Knowing that your friends will surely be quite a bit later than the agreed 10.50 AM, you grab your book and step back out onto the platform, finding somewhere to sit and quietly read. (Much like you’d expected, your group of friends are some of the very last people to arrive. The lot of them are chattering and laughing, hugging and squealing in excitement when catching up with each other.)

You’re found by your best friend, seemingly still engrossed in your story. She knows you better than that though, and upon closer inspection notices that your eyes keep flitting away from the paper and flying over the crowd that’s slowly gathered before you. You start biting your lip when you finally fixate on something. Your friend smirks a little when she sees what, or rather who, is holding your attention.

Michael Clifford, a Sixth Year like yourself, is standing a little bit away. The Slytherin is surrounded by his three best friends (2 of Gryffindor’s finest and one of his fellow Slytherins) and his cat’s curled around his neck and shoulders. You’ve always had a bit of a soft spot for him, though you’d rather jump off the Astronomy Tower than admit it.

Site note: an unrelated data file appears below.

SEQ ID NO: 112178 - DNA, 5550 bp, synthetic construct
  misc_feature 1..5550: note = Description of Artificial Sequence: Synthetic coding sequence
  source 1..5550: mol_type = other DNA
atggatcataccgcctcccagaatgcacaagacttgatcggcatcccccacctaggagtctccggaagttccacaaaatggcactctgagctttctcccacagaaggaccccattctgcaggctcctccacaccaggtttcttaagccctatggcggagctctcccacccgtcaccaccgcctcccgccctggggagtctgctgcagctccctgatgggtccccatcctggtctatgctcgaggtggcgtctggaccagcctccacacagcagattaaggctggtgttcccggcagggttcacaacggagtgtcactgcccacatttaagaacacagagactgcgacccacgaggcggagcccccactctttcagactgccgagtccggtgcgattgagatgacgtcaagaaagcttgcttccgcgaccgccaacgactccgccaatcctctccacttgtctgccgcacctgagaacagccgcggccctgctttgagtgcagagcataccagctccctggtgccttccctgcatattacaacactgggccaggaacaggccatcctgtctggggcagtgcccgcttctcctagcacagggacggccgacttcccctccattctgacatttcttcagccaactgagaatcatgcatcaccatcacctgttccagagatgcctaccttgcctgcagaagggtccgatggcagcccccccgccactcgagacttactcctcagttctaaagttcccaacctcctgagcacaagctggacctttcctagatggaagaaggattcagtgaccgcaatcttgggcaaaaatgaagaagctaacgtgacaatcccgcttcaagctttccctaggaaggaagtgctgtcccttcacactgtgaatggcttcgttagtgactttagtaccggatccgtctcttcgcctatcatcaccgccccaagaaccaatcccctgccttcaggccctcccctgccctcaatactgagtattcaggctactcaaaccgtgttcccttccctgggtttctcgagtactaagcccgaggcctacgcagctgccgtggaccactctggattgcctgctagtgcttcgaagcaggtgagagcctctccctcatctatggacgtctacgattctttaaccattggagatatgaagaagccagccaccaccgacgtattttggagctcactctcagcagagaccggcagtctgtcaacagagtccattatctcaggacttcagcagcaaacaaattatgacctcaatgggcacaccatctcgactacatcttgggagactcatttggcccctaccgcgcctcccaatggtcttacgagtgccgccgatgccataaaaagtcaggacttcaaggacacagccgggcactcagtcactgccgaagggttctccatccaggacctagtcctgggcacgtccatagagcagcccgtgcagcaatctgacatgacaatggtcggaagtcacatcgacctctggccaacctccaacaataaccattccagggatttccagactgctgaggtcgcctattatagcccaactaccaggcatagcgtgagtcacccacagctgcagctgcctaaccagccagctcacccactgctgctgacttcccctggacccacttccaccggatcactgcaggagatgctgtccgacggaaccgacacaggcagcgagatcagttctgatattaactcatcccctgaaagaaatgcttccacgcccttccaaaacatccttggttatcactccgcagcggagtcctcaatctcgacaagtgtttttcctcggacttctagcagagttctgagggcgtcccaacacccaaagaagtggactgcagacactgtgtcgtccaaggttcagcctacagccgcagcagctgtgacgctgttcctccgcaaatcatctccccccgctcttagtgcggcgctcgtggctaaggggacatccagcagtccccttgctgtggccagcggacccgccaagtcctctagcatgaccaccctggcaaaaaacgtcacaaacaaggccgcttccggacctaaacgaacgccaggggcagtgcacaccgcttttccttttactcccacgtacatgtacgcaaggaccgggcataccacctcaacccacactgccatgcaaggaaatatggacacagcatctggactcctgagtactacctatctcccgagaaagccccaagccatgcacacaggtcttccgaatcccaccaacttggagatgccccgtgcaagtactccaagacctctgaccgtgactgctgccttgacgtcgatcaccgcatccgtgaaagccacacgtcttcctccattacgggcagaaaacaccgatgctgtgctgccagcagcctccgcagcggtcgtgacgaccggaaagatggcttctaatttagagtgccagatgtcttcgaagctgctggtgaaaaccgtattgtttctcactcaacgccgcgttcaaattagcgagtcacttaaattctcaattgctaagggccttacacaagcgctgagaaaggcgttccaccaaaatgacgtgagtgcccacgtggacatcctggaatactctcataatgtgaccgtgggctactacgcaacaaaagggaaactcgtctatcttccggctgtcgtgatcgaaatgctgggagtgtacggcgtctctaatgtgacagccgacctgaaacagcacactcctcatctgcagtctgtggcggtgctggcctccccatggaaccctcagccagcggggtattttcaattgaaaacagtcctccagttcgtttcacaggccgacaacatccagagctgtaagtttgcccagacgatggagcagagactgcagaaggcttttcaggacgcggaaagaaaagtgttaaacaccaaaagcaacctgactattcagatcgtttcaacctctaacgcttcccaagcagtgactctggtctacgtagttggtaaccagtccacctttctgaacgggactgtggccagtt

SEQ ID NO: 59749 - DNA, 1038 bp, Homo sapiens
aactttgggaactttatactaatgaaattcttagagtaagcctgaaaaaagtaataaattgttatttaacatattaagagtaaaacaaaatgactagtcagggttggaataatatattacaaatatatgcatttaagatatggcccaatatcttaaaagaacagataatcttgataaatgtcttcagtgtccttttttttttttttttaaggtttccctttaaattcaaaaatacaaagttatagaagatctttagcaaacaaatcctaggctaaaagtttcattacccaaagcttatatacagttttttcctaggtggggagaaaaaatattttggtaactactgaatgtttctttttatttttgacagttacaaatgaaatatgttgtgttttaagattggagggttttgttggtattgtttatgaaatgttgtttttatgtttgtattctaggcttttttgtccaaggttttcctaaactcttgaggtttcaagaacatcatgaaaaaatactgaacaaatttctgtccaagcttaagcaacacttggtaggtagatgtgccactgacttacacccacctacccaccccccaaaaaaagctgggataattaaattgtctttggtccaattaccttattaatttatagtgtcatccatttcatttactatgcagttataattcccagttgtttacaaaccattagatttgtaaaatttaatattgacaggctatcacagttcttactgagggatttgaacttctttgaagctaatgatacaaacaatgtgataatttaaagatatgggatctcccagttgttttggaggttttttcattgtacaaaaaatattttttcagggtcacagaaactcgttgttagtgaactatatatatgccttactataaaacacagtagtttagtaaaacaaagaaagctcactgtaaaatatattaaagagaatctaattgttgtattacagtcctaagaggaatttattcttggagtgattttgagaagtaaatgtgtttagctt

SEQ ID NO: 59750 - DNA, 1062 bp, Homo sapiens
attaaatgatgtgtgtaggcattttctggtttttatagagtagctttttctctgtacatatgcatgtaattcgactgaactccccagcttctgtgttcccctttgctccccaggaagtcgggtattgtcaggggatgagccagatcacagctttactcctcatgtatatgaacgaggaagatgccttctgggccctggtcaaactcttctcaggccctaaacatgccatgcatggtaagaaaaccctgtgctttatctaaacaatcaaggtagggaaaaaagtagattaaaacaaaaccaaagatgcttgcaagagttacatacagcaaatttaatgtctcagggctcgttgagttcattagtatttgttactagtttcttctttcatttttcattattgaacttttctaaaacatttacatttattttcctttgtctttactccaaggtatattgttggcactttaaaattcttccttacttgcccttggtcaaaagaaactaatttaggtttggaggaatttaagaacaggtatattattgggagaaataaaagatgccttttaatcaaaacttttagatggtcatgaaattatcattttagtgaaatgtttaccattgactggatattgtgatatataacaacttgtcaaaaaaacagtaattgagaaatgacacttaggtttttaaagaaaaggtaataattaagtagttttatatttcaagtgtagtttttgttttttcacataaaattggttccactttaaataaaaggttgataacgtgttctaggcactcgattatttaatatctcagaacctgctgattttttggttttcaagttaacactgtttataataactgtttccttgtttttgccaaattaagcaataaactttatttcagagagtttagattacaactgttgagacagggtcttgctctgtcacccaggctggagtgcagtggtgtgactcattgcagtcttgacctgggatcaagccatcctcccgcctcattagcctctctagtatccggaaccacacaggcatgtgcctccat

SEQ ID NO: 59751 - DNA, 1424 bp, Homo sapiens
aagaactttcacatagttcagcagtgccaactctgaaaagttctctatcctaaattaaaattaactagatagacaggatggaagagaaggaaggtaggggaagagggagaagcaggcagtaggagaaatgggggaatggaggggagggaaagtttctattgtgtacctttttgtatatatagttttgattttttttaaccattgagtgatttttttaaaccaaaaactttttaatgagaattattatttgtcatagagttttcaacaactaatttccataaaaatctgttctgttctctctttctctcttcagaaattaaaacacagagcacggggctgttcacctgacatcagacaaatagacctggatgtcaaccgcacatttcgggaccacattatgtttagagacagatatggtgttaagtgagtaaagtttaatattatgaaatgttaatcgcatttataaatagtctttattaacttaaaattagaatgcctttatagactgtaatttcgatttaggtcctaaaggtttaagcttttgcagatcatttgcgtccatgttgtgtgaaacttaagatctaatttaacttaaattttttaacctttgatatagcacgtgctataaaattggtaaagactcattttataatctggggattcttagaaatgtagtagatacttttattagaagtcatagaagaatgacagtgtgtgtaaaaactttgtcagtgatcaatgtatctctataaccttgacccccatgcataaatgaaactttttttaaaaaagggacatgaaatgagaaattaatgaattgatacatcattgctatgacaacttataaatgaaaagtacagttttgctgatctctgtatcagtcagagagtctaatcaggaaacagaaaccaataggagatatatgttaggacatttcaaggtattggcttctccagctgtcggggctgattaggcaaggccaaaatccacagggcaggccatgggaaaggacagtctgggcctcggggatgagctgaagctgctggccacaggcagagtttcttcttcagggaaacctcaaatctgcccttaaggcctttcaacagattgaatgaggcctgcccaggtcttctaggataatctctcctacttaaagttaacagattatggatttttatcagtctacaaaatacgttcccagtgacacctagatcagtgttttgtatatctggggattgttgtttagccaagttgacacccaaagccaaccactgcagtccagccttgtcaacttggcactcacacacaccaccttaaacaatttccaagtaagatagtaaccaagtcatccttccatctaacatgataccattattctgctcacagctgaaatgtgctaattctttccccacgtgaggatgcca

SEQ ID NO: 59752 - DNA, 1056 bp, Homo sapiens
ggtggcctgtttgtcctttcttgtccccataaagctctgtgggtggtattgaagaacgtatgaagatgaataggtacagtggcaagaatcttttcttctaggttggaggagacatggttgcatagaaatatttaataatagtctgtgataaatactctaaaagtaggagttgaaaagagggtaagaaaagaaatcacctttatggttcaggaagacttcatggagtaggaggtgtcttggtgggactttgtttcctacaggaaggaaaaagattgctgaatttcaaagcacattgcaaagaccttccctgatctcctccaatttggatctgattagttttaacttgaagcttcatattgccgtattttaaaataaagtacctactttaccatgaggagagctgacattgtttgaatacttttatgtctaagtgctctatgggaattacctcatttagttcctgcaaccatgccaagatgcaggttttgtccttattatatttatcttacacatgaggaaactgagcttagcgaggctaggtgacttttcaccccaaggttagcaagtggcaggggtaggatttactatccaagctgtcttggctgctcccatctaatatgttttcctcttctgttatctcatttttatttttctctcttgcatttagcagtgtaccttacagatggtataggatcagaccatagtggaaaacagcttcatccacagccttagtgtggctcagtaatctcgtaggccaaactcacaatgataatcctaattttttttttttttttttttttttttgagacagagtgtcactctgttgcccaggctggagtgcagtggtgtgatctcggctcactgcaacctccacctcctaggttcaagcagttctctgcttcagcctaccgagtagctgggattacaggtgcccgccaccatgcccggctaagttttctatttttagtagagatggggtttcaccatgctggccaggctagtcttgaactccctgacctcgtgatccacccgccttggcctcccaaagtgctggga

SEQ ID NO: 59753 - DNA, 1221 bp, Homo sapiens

Clifford’s a sight to behold: he’s wearing his usual attire, and while it’s no longer uncommon to see wizards dressed in Muggle clothing, he stands out. He’s wearing black skinny jeans with colorful patches haphazardly sewn over the legs (tight enough that you could swear the jeans were painted on), a black faded and torn jean jacket (with the sleeves rolled up to his elbows, exposing the tattoos curling around his forearm) and a plain black t-shirt. The all-black ensemble looks great against his fair skin and green-and-silver hair.